The grants awarded by the Baker-Polito Administration include:
Childs River Restoration, Falmouth and Mashpee
Award: Falmouth Rod and Gun Club & the Town of Falmouth, $819,000 (federal)
The Falmouth Rod and Gun Club, the Town of Falmouth, and partners are working together to restore parts of the Childs River, which involves restoration of coastal freshwater wetlands and stream restoration to reconnect the headwaters of the Childs River to Waquoit Bay and Vineyard Sound. Work for this project will include the removal of an earthen dam, replacement of an undersized road culvert, re-establishing the channel and wetland floodplain, as well as the removal of dikes and water control structures within the former cranberry bogs. When complete, the former cranberry bogs will be transformed into a mosaic of habitat types and approximately 26 acres will be restored. The project will also offer opportunities for scientific research, public education, and passive recreation.
Hoosic River Flood Chute Naturalization Project, North Adams
Award: Hoosic River Revival, $12,000 (state)
The City of North Adams, Hoosic River Revival, Hoosic River Watershed Association, and state and federal agencies are working together to re-naturalize and revitalize the north and south branches of the Hoosic River as they flow through North Adams. The project will improve public safety and reduce annual operating and maintenance costs, while also improving habitat, access, connectivity, and climate resilience. This phase of the project includes the design and permitting of a flood management system within North Adams to replace the existing 2.5-mile aging and deteriorating concrete chute system.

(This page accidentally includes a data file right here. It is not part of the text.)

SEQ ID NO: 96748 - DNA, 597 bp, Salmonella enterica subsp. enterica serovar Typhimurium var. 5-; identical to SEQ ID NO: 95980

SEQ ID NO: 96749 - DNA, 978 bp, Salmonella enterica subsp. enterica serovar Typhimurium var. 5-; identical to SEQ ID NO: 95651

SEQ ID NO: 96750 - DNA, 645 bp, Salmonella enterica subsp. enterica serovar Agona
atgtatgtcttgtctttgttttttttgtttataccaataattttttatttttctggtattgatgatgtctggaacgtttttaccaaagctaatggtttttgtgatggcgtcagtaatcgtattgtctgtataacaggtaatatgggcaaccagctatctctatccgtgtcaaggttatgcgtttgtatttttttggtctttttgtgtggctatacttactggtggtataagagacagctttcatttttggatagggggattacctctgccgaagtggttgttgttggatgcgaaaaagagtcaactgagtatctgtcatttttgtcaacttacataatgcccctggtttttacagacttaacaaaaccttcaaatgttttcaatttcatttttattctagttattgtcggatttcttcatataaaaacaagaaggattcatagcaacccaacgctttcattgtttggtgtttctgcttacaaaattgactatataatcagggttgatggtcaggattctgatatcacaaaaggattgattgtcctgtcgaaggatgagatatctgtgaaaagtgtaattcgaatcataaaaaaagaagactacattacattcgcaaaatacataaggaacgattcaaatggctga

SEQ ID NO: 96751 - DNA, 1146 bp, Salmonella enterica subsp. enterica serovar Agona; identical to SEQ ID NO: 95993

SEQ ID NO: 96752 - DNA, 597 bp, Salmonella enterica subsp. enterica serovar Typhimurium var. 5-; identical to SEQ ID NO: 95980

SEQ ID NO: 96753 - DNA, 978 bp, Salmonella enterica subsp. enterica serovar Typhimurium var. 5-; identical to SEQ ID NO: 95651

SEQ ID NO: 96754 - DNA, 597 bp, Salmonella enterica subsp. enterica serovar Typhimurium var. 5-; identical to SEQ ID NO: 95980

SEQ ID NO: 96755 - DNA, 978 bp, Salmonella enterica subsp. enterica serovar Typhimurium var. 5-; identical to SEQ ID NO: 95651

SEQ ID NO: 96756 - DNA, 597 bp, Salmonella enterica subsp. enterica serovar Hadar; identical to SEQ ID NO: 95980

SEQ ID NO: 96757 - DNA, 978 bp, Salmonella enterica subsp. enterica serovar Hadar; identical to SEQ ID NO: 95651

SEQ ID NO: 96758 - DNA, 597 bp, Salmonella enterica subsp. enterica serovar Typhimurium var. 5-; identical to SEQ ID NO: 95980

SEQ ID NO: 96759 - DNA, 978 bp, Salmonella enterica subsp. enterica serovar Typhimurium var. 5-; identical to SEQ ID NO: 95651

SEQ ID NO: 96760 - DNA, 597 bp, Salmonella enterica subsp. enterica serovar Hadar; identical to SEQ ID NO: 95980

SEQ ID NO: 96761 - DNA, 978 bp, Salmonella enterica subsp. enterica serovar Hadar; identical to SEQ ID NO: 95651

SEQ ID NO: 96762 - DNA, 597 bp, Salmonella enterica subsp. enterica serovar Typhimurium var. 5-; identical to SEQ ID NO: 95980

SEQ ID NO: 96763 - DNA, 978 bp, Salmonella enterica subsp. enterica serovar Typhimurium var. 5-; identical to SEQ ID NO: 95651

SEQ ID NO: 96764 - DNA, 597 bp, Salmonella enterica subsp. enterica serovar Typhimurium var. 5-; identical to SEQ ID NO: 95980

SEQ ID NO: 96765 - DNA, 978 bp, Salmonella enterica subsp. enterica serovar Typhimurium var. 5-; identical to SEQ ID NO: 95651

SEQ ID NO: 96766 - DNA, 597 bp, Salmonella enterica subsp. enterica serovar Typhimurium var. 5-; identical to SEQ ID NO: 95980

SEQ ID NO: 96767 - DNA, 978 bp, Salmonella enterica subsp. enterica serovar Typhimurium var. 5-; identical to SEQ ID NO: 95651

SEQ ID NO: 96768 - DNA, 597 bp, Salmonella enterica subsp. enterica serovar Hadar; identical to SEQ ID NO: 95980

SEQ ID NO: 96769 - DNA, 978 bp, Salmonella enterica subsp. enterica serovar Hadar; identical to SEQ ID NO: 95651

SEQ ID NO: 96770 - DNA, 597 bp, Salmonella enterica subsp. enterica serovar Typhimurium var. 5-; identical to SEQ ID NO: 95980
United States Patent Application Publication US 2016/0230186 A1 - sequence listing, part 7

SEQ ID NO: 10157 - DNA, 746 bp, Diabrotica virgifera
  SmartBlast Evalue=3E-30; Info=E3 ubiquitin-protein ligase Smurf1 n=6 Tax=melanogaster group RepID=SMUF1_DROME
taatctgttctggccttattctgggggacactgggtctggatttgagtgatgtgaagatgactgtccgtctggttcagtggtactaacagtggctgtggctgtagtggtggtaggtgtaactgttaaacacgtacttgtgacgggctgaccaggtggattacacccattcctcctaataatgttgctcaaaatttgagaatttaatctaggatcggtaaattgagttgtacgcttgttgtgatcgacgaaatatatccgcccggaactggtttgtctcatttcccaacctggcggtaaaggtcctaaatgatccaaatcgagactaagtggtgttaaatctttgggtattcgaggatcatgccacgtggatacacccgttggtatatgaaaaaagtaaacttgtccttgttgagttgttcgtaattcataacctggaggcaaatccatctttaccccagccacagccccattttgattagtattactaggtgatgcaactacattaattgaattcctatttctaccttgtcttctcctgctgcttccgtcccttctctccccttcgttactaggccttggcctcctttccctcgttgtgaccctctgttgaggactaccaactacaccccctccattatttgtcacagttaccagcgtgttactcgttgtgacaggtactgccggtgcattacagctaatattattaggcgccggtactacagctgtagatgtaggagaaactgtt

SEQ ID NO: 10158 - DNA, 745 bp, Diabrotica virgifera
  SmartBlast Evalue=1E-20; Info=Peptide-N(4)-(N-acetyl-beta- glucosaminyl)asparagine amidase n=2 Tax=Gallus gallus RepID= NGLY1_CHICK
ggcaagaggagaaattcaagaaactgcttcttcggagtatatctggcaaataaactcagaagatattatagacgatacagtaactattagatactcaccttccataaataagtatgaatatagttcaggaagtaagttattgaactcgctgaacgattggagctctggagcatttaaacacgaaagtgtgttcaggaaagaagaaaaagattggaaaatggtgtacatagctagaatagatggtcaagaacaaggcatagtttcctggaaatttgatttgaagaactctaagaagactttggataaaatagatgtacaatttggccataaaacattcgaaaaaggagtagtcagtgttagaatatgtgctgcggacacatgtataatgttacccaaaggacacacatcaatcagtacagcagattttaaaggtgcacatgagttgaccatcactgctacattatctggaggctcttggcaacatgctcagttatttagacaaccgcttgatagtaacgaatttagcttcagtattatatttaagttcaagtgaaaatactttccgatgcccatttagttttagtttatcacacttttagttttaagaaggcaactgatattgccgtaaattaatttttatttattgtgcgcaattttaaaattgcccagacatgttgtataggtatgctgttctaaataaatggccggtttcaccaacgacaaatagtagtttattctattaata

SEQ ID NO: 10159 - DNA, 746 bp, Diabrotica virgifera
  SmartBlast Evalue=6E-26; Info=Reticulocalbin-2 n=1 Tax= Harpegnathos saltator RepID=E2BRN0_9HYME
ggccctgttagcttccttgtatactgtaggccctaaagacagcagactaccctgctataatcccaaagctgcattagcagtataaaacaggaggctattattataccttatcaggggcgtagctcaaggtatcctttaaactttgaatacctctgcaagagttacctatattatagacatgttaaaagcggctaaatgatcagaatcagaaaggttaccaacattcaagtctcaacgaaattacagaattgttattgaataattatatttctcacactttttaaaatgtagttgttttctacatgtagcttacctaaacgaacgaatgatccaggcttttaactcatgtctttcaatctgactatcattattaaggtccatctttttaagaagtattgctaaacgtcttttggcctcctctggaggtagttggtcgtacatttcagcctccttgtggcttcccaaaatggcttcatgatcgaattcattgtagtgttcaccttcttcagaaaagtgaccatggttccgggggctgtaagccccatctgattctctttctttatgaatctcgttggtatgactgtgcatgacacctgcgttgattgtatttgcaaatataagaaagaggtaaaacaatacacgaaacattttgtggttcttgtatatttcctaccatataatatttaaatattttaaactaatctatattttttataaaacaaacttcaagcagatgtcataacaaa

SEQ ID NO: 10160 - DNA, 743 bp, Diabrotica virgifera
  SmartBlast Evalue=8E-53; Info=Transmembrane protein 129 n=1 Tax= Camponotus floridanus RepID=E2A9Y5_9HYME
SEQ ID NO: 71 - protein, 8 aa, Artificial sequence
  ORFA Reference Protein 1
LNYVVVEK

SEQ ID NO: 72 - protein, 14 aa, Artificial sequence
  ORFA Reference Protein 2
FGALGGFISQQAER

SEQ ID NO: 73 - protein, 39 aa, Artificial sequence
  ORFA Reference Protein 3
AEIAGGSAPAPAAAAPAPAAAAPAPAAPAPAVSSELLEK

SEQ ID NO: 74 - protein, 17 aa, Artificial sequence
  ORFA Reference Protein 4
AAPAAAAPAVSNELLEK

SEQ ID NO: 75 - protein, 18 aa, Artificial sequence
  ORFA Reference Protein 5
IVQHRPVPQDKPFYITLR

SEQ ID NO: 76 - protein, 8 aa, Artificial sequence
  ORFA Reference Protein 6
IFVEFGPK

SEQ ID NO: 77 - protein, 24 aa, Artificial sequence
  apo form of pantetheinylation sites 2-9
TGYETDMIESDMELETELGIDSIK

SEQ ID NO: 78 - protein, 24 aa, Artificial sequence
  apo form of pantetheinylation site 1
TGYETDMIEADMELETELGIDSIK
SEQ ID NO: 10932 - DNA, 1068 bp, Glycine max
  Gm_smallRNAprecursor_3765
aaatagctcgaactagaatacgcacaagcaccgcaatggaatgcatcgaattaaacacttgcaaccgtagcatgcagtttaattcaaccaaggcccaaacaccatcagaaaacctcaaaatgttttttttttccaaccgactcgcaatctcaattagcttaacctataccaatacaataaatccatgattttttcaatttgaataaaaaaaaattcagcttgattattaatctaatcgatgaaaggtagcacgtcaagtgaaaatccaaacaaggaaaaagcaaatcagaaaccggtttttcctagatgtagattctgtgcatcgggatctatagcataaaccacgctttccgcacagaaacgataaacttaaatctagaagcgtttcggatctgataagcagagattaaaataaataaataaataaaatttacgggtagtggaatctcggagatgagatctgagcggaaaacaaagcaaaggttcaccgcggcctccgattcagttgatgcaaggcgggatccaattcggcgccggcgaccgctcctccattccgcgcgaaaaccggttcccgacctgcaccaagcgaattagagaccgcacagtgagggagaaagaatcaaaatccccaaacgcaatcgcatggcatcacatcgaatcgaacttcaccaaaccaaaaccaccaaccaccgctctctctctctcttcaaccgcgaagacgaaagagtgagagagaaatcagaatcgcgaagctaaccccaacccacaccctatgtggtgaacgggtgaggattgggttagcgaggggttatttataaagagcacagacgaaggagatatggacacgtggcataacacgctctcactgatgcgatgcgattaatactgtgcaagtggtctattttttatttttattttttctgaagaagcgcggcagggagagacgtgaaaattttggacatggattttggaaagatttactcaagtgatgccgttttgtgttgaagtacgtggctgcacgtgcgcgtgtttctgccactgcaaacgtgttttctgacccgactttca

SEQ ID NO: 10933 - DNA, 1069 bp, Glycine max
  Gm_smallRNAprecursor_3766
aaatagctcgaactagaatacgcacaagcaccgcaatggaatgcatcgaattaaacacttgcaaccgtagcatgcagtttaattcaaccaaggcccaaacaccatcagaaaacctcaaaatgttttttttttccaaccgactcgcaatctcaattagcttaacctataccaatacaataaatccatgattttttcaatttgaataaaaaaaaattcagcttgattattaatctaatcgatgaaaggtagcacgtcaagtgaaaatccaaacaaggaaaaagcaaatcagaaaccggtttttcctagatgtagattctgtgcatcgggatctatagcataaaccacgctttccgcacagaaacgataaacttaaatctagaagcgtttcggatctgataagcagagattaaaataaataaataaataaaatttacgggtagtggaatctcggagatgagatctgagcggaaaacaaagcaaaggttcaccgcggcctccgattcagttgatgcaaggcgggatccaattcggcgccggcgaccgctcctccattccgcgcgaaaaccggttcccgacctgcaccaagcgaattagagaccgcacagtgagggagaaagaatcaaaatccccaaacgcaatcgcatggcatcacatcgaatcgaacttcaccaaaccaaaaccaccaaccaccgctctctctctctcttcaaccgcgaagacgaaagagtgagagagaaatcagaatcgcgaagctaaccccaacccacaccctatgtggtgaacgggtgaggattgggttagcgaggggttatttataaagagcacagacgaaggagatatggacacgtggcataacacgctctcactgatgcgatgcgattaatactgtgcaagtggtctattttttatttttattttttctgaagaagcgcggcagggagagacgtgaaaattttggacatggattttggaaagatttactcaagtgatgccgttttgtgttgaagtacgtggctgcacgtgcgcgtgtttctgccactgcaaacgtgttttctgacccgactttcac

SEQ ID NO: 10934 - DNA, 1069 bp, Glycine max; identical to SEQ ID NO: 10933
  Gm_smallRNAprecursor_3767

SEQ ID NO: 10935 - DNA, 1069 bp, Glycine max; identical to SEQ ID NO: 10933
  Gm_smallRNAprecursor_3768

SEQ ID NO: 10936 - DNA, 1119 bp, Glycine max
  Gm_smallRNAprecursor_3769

“It is a favorite sight to see dozens of residents kayaking and canoeing along lakes throughout the Berkshires and Western Mass and appreciating our abundance of natural resources,” said State Senator Adam Hinds (D-Pittsfield). “Investment in projects such as this that preserve the environment and protect our natural resources is necessary to mitigate the impact of climate change.”
“This is a community partnership in transforming a former cranberry bog into a natural habitat that will help preserve our ecosystem and aquatic habitat as well as supporting the blue economy in our district,” said State Senator Susan L. Moran (D-Falmouth).
“Funding these community-led projects, which help to restore local ecosystems and improve biodiversity, is a necessary step in mitigating the climate crisis,” said State Representative Dylan Fernandes (D-Falmouth). “We have to continue providing local leaders with the resources they need to build innovative climate solutions, because there is still time to prevent the worst consequences of climate change from happening, but only if we are bold and ambitious in our response.”
“This funding is a significant step in allowing the City of North Adams and the Hoosic River Revival to continue their efforts to address the issue of how best to deal with the City’s deteriorating flood control chutes,” said State Representative John Barrett III (D-North Adams).
“I'm excited to see the final investment in the Child's River Restoration project and want to thank the Baker Administration and Commissioner Amidon for releasing these funds,” said State Representative David T. Vieira (R-East Falmouth). “I grew up going to the Falmouth Rod & Gun Club and helping clear the wildlife habitat plots across the river. That wildlife habitat was named after my grandfather Charles Eastman II. I know he would be excited to see that his vision of habitat management has been carried forward to this river restoration project. My hats off to Gary Anderson and all the volunteers of the Falmouth Rod & Gun Club that are making this project a reality.”